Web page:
As part of step 306, the hardware identifier is assigned as a unique identifier for the device. For example, the Generic Configuration 112B may include a Change ID Command 112B, which when executed by Device 130, causes the Device to retrieve the Hardware Identifier 131 and use the Hardware Identifier as the Unique Identifier 134 of the Device.

At step 308, the vendor ships the device to the subscriber; for example, Vendor 110 ships Device 130 directly to Subscriber 140. At step 310, the vendor provides the hardware identifiers of the device to the service provider as part of an order update. At step 312, the service provider updates the administrative object with the hardware identifier(s).

Step 310 and step 312 may be performed either before or after step 308. For example, the Manufacturing Division 112 may not have finished manufacturing Device 130 or shipped the device as part of step 310. However, at step 306 the Vendor 110 has determined a chassis serial number, xyz, which will be used as the Hardware Identifier 131 for Device 130 once it has been built. The value xyz shall be referred to herein as the “potential hardware identifier.” In response to Service Provider 120 ordering Device 130, Vendor 110 may communicate the potential hardware identifier, xyz, as well as echoing back the Administrative Unique Identifier 123A, “sub 123”, to the Service Provider 120, as part of an order update message. In response, Service Provider 120 uses the Administrative Unique Identifier 123A, “sub 123” (which it provided on the original order entry 304), to locate Device Object 123 and stores the potential hardware identifier, xyz, in the Hardware Identifier 123B, thus, creating a mapping between Administrative Unique Identifier 123A and the potential hardware identifier.

At step 314, the device boots and connects to the service provider. For example, at the premises of Subscriber 140, Device 130 is booted up. When the Device 130 is booted up, the Installed Configuration 132, e.g., Generic Configuration 112B, including the Change ID Command 112C is executed. In this example, the Change ID Command 112C conforms to the CLI syntax of Cisco Systems, Inc. and has the format “cns id hardware-serial”. The command causes the device to retrieve the Hardware Identifier 131, which in this case is the chassis serial number xyz, and assign it as the Unique Identifier 131 of the Device 130. At this point, the value xyz is stored in the Unique Identifier 131.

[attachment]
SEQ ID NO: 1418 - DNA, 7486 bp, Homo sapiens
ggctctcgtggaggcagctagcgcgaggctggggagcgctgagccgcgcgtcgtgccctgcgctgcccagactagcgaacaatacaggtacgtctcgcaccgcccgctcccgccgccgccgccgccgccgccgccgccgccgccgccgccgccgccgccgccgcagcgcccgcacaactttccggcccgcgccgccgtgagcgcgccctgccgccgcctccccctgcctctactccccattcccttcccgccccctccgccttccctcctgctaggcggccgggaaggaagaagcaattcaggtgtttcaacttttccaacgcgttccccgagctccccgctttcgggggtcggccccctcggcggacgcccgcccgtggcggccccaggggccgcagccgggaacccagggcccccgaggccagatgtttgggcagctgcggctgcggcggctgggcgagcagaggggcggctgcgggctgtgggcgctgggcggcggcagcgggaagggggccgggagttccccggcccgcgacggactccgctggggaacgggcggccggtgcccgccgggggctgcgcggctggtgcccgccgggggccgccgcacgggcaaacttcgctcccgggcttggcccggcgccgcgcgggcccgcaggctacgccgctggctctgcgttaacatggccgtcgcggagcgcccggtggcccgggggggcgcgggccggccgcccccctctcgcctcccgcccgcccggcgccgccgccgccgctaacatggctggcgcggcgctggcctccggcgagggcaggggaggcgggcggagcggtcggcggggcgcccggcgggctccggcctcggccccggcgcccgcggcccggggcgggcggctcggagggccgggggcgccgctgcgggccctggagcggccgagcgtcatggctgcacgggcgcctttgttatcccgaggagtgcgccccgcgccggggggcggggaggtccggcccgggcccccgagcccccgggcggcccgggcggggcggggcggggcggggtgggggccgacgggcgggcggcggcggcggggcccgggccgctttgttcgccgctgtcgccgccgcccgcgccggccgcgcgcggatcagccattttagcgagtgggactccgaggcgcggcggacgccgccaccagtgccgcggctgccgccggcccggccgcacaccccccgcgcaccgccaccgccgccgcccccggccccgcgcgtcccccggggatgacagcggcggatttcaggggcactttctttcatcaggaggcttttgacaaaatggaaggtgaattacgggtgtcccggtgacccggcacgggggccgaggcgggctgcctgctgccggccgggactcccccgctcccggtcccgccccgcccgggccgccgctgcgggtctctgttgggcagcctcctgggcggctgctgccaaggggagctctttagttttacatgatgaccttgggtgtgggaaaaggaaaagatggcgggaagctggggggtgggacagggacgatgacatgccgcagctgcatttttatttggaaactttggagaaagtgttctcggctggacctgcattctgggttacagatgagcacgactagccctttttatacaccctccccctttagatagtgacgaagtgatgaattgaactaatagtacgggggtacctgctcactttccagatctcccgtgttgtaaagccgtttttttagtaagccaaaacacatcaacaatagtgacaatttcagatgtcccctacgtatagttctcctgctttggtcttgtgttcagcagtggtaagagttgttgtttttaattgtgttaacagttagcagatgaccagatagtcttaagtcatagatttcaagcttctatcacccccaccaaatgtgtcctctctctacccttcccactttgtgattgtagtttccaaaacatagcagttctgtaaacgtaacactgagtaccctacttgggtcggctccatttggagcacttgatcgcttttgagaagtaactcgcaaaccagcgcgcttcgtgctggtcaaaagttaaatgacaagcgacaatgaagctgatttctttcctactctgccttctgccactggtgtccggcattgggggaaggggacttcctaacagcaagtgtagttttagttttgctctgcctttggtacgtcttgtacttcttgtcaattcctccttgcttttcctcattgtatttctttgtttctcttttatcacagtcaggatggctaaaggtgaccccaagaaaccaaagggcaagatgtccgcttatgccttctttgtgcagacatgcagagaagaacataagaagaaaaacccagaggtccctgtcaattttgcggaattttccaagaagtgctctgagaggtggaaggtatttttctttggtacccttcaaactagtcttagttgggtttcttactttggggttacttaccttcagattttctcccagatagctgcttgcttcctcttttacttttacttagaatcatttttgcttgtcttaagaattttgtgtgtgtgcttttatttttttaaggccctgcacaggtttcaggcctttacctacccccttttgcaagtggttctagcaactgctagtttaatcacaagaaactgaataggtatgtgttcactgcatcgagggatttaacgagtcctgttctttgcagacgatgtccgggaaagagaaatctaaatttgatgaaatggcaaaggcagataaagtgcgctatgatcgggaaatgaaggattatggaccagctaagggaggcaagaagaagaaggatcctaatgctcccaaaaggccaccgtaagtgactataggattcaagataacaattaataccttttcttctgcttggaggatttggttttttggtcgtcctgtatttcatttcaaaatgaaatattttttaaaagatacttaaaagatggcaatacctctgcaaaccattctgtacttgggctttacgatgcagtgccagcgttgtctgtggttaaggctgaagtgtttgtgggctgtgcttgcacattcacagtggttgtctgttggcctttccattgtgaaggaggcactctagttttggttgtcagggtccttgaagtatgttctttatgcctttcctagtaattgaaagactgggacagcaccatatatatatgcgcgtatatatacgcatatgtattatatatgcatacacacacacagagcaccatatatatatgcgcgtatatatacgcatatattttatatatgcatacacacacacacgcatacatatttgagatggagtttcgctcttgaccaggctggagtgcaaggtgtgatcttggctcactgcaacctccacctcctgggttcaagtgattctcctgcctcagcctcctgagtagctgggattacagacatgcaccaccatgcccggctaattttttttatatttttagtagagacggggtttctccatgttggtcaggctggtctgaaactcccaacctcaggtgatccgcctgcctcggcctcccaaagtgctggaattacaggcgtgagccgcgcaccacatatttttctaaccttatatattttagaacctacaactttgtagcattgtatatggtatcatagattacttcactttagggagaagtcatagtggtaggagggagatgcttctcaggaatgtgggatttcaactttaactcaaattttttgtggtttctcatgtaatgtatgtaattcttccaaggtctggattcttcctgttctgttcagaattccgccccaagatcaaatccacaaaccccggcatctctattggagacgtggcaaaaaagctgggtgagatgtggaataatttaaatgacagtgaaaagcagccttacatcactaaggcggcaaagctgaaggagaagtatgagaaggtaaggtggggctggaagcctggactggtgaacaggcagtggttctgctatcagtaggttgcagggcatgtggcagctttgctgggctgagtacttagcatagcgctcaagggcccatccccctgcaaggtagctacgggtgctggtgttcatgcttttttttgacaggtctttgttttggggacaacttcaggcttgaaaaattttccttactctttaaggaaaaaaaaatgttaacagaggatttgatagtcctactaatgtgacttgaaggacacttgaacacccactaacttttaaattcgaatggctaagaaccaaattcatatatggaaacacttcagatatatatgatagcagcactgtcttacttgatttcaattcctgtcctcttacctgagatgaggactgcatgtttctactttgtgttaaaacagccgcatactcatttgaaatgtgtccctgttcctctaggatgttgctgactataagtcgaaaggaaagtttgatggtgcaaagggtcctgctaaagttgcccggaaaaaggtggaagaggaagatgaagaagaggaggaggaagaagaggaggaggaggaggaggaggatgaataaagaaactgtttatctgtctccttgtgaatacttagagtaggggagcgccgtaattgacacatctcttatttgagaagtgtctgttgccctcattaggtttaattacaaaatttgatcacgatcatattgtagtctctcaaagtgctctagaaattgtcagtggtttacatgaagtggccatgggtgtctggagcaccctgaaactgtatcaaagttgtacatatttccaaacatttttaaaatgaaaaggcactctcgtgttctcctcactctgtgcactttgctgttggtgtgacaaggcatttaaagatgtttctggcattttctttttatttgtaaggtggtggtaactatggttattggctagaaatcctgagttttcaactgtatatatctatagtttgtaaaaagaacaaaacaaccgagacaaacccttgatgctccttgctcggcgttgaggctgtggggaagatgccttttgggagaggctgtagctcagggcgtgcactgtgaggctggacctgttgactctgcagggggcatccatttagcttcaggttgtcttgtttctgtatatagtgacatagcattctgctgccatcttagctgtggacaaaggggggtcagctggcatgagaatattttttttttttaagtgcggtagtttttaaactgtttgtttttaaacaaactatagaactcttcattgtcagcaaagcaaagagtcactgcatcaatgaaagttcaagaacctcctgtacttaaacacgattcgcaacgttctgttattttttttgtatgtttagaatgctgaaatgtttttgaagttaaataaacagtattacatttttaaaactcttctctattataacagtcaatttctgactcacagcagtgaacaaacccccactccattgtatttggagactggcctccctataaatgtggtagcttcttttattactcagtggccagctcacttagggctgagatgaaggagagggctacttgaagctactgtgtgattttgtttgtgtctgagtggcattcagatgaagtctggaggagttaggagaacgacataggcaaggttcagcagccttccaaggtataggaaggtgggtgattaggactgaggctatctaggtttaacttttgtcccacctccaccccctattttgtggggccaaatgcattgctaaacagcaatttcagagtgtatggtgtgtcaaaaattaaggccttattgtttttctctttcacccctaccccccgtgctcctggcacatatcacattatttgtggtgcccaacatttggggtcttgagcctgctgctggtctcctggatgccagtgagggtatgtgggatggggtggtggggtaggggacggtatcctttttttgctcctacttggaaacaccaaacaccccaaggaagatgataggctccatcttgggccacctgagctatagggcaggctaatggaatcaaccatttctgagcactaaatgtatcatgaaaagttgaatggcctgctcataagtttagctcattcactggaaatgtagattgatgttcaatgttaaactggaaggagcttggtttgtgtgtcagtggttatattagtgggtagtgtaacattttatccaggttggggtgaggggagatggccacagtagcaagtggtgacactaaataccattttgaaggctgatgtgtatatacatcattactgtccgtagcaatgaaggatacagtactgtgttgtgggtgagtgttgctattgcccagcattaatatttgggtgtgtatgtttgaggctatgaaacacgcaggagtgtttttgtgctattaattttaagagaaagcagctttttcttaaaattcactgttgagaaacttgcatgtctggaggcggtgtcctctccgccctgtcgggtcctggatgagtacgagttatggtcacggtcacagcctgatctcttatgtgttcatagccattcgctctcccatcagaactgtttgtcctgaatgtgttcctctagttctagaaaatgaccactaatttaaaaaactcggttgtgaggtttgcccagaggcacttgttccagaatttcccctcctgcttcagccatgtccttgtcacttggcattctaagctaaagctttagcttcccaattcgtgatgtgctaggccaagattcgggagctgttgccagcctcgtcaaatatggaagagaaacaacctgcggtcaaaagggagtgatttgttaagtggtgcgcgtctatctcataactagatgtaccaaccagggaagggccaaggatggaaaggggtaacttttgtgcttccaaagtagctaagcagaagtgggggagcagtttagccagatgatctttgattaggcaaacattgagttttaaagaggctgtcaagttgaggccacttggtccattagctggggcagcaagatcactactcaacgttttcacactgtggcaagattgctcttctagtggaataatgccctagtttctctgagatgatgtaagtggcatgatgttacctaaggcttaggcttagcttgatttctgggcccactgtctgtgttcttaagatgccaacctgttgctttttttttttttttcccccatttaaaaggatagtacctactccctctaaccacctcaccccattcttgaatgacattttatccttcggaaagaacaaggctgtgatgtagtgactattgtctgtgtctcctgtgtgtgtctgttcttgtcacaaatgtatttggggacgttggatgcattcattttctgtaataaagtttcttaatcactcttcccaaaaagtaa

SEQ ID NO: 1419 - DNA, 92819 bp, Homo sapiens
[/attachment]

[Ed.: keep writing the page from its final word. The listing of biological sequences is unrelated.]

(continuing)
Further, when Device 130 is booted up, it may connect with a Configuration Server 122 and transmit the Unique Identifier 131, xyz, to the Configuration Server 122. The transmitted value, xyz, is used to locate the Device Object 123 by comparing the transmitted value to the Hardware Identifier 123B.

At step 315, the service provider selects a specified string for use as a device identifier and stores the specified string in an application configuration for the device. For example, Service Provider 120 selects a device identifier value that is meaningful in terms of a name space managed by the Service Provider, or meaningful to Management Point Systems 126. The value could be “sub 123”.

According to one embodiment, the value, “sub 123”, of the Administrative Unique Identifier 123A is used as the new value for the Unique Identifier 134 of Device 130. For example, the value, “sub 123”, of the Administrative Unique Identifier 123A is retrieved from Device Object 123 and used to create a Second Configuration 124.

At step 316, the service provider downloads the application configuration to the device. For example, Configuration Server 122 of Service Provider 120 downloads Second Configuration 124 to Device 130. In general, the configuration server is responsible for low-level transport of configuration to the device; other transport mechanisms may be used in other implementations.

At step 318, the new configuration instructs the device to use the specified string as the unique identifier of the device. For example, the Second Configuration 124 may include a command “CNS ID STRING ‘string’”. When loaded, the Second Configuration 124 becomes the Installed Configuration 132 of Device 130, and the ‘string’ sub string is replaced with the value “sub 123”. The command “CNS ID STRING ‘string’” causes Device 130 to assign “sub 123” as the Unique Identifier 134 of Device 130.